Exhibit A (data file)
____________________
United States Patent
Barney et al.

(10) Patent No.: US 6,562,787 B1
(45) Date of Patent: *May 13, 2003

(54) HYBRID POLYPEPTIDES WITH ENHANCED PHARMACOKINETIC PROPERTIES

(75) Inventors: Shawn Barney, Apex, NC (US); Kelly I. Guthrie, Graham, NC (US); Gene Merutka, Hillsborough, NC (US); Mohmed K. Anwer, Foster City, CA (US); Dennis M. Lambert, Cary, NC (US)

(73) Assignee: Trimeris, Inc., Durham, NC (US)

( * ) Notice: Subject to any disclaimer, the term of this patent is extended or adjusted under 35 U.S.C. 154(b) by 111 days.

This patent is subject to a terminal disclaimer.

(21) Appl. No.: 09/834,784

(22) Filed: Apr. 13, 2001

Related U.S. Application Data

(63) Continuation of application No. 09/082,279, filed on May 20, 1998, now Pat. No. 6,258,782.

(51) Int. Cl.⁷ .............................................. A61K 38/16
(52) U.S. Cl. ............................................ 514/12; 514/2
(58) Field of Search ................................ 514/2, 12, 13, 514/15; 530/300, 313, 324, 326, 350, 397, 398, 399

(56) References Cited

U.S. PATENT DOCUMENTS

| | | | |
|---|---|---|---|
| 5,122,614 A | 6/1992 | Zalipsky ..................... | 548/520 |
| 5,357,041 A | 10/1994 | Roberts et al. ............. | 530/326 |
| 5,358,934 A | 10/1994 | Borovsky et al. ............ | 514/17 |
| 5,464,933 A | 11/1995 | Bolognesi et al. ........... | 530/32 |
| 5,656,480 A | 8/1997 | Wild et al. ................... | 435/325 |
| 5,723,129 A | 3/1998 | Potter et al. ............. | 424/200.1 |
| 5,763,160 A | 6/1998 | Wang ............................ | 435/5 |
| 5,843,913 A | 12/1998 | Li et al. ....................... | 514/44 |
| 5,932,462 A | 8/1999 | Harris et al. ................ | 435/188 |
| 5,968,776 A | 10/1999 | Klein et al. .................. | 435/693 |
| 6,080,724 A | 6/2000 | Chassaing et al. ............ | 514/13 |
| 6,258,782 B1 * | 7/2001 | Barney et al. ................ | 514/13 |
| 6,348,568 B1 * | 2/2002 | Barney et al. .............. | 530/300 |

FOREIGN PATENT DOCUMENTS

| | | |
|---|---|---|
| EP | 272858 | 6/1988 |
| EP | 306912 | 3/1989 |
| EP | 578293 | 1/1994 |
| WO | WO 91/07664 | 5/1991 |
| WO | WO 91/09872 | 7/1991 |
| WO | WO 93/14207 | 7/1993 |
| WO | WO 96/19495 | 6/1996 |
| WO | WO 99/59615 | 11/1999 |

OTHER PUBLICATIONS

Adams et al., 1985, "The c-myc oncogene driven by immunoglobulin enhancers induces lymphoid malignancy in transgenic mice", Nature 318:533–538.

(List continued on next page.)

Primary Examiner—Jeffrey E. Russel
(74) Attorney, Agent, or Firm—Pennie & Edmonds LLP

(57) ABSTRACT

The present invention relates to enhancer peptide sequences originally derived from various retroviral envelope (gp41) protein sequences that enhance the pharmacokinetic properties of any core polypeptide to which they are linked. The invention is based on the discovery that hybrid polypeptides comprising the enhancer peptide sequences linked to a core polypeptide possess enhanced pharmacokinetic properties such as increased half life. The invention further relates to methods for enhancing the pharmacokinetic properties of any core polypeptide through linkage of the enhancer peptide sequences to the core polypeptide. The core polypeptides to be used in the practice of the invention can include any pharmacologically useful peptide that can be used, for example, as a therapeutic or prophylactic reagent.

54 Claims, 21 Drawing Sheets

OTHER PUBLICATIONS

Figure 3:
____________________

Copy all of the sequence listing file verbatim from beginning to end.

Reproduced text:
United States Patent
Barney et al.

(10) Patent No.: US 6,562,787 B1
(45) Date of Patent: *May 13, 2003

(54) HYBRID POLYPEPTIDES WITH ENHANCED PHARMACOKINETIC PROPERTIES

(75) Inventors: Shawn Barney, Apex, NC (US); Kelly I. Guthrie, Graham, NC (US); Gene Merutka, Hillsborough, NC (US); Mohmed K. Anwer, Foster City, CA (US); Dennis M. Lambert, Cary, NC (US)

(73) Assignee: Trimeris, Inc., Durham, NC (US)

( * ) Notice: Subject to any disclaimer, the term of this patent is extended or adjusted under 35 U.S.C. 154(b) by 111 days.

This patent is subject to a terminal disclaimer.

(21) Appl. No.: 09/834,784

(22) Filed: Apr. 13, 2001

Related U.S. Application Data

(63) Continuation of application No. 09/082,279, filed on May 20, 1998, now Pat. No. 6,258,782.

(51) Int. Cl.⁷ .............................................. A61K 38/16
(52) U.S. Cl. ............................................ 514/12; 514/2
(58) Field of Search ................................ 514/2, 12, 13, 514/15; 530/300, 313, 324, 326, 350, 397, 398, 399

(56) References Cited

U.S. PATENT DOCUMENTS

| | | | |
|---|---|---|---|
| 5,122,614 A | 6/1992 | Zalipsky ..................... | 548/520 |
| 5,357,041 A | 10/1994 | Roberts et al. ............. | 530/326 |
| 5,358,934 A | 10/1994 | Borovsky et al. ............ | 514/17 |
| 5,464,933 A | 11/1995 | Bolognesi et al. ........... | 530/32 |
| 5,656,480 A | 8/1997 | Wild et al. ................... | 435/325 |
| 5,723,129 A | 3/1998 | Potter et al. ............. | 424/200.1 |
| 5,763,160 A | 6/1998 | Wang ............................ | 435/5 |
| 5,843,913 A | 12/1998 | Li et al. ....................... | 514/44 |
| 5,932,462 A | 8/1999 | Harris et al. ................ | 435/188 |
| 5,968,776 A | 10/1999 | Klein et al. .................. | 435/693 |
| 6,080,724 A | 6/2000 | Chassaing et al. ............ | 514/13 |
| 6,258,782 B1 * | 7/2001 | Barney et al. ................ | 514/13 |
| 6,348,568 B1 * | 2/2002 | Barney et al. .............. | 530/300 |

FOREIGN PATENT DOCUMENTS

| | | |
|---|---|---|
| EP | 272858 | 6/1988 |
| EP | 306912 | 3/1989 |
| EP | 578293 | 1/1994 |
| WO | WO 91/07664 | 5/1991 |
| WO | WO 91/09872 | 7/1991 |
| WO | WO 93/14207 | 7/1993 |
| WO | WO 96/19495 | 6/1996 |
| WO | WO 99/59615 | 11/1999 |

OTHER PUBLICATIONS

Adams et al., 1985, "The c-myc oncogene driven by immunoglobulin enhancers induces lymphoid malignancy in transgenic mice", Nature 318:533–538.

(List continued on next page.)

Primary Examiner—Jeffrey E. Russel
(74) Attorney, Agent, or Firm—Pennie & Edmonds LLP

(57) ABSTRACT

The present invention relates to enhancer peptide sequences originally derived from various retroviral envelope (gp41) protein sequences that enhance the pharmacokinetic properties of any core polypeptide to which they are linked. The invention is based on the discovery that hybrid polypeptides comprising the enhancer peptide sequences linked to a core polypeptide possess enhanced pharmacokinetic properties such as increased half life. The invention further relates to methods for enhancing the pharmacokinetic properties of any core polypeptide through linkage of the enhancer peptide sequences to the core polypeptide. The core polypeptides to be used in the practice of the invention can include any pharmacologically useful peptide that can be used, for example, as a therapeutic or prophylactic reagent.

54 Claims, 21 Drawing Sheets

OTHER PUBLICATIONS

Figure 3: